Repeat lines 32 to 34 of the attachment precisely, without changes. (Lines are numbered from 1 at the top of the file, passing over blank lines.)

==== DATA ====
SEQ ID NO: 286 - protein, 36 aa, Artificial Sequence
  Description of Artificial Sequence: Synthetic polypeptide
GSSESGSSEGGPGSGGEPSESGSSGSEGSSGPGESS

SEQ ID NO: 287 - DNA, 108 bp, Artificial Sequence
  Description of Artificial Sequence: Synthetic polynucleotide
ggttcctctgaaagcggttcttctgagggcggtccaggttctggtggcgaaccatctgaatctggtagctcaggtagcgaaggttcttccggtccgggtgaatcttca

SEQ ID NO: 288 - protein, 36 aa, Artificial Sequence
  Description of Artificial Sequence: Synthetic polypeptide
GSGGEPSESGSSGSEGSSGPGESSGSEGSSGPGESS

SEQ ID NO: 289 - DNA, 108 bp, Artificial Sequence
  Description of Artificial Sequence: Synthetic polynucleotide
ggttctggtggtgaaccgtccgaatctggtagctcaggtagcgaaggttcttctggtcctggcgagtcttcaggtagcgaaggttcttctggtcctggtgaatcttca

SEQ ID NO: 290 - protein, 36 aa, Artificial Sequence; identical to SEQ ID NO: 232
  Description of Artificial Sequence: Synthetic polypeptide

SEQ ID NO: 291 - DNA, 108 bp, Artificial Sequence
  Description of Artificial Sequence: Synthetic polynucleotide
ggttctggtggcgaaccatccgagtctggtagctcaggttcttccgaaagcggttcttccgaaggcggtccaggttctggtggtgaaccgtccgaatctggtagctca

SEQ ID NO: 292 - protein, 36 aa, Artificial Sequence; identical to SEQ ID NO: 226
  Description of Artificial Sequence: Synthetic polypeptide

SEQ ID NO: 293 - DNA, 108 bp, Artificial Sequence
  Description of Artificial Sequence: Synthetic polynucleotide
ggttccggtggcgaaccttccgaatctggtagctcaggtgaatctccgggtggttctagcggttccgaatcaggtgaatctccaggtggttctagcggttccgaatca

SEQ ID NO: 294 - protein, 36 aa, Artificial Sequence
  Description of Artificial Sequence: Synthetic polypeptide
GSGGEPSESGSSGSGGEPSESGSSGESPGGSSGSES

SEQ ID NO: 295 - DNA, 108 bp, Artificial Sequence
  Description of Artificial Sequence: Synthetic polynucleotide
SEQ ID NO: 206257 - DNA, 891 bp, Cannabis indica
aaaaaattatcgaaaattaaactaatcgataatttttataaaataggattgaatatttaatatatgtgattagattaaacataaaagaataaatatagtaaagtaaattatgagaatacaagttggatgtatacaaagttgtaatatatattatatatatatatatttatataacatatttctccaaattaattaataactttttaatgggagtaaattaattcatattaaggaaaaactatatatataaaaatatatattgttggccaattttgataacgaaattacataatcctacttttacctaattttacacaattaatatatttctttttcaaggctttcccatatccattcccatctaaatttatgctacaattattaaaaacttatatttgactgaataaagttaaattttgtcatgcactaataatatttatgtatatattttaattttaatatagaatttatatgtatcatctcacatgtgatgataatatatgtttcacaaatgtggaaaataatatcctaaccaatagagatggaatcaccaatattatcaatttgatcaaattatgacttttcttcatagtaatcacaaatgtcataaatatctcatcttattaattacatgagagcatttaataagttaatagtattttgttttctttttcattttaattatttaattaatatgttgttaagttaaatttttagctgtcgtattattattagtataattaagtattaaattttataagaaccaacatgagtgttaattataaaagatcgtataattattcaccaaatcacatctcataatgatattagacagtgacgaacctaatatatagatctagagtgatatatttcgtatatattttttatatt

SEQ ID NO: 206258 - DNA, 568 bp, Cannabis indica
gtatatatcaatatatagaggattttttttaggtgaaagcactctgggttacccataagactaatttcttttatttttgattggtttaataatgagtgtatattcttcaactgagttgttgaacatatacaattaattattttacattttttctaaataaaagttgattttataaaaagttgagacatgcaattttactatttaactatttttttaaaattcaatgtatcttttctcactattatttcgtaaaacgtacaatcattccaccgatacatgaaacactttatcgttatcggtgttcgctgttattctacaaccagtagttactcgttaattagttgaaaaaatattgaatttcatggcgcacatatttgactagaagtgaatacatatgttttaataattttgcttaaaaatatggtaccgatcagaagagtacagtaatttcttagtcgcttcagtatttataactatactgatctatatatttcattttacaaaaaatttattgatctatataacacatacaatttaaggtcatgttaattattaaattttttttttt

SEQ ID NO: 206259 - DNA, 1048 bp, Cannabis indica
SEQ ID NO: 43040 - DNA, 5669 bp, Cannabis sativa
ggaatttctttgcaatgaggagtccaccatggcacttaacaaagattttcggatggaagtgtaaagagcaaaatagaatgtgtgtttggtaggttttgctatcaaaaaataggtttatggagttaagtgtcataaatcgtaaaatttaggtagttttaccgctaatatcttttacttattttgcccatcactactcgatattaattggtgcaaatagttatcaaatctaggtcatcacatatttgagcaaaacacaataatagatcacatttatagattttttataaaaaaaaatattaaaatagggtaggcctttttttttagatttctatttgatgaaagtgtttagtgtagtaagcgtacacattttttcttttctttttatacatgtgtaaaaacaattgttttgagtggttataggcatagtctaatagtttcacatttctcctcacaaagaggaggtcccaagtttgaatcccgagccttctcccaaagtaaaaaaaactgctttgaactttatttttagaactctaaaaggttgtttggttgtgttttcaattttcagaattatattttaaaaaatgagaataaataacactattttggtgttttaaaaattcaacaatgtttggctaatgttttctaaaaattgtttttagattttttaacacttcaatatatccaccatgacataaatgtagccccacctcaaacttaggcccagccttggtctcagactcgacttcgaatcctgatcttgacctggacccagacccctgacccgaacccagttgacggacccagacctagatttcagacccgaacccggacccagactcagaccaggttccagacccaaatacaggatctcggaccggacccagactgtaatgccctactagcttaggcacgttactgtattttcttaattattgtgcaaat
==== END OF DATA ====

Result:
SEQ ID NO: 206259 - DNA, 1048 bp, Cannabis indica
SEQ ID NO: 43040 - DNA, 5669 bp, Cannabis sativa
ggaatttctttgcaatgaggagtccaccatggcacttaacaaagattttcggatggaagtgtaaagagcaaaatagaatgtgtgtttggtaggttttgctatcaaaaaataggtttatggagttaagtgtcataaatcgtaaaatttaggtagttttaccgctaatatcttttacttattttgcccatcactactcgatattaattggtgcaaatagttatcaaatctaggtcatcacatatttgagcaaaacacaataatagatcacatttatagattttttataaaaaaaaatattaaaatagggtaggcctttttttttagatttctatttgatgaaagtgtttagtgtagtaagcgtacacattttttcttttctttttatacatgtgtaaaaacaattgttttgagtggttataggcatagtctaatagtttcacatttctcctcacaaagaggaggtcccaagtttgaatcccgagccttctcccaaagtaaaaaaaactgctttgaactttatttttagaactctaaaaggttgtttggttgtgttttcaattttcagaattatattttaaaaaatgagaataaataacactattttggtgttttaaaaattcaacaatgtttggctaatgttttctaaaaattgtttttagattttttaacacttcaatatatccaccatgacataaatgtagccccacctcaaacttaggcccagccttggtctcagactcgacttcgaatcctgatcttgacctggacccagacccctgacccgaacccagttgacggacccagacctagatttcagacccgaacccggacccagactcagaccaggttccagacccaaatacaggatctcggaccggacccagactgtaatgccctactagcttaggcacgttactgtattttcttaattattgtgcaaat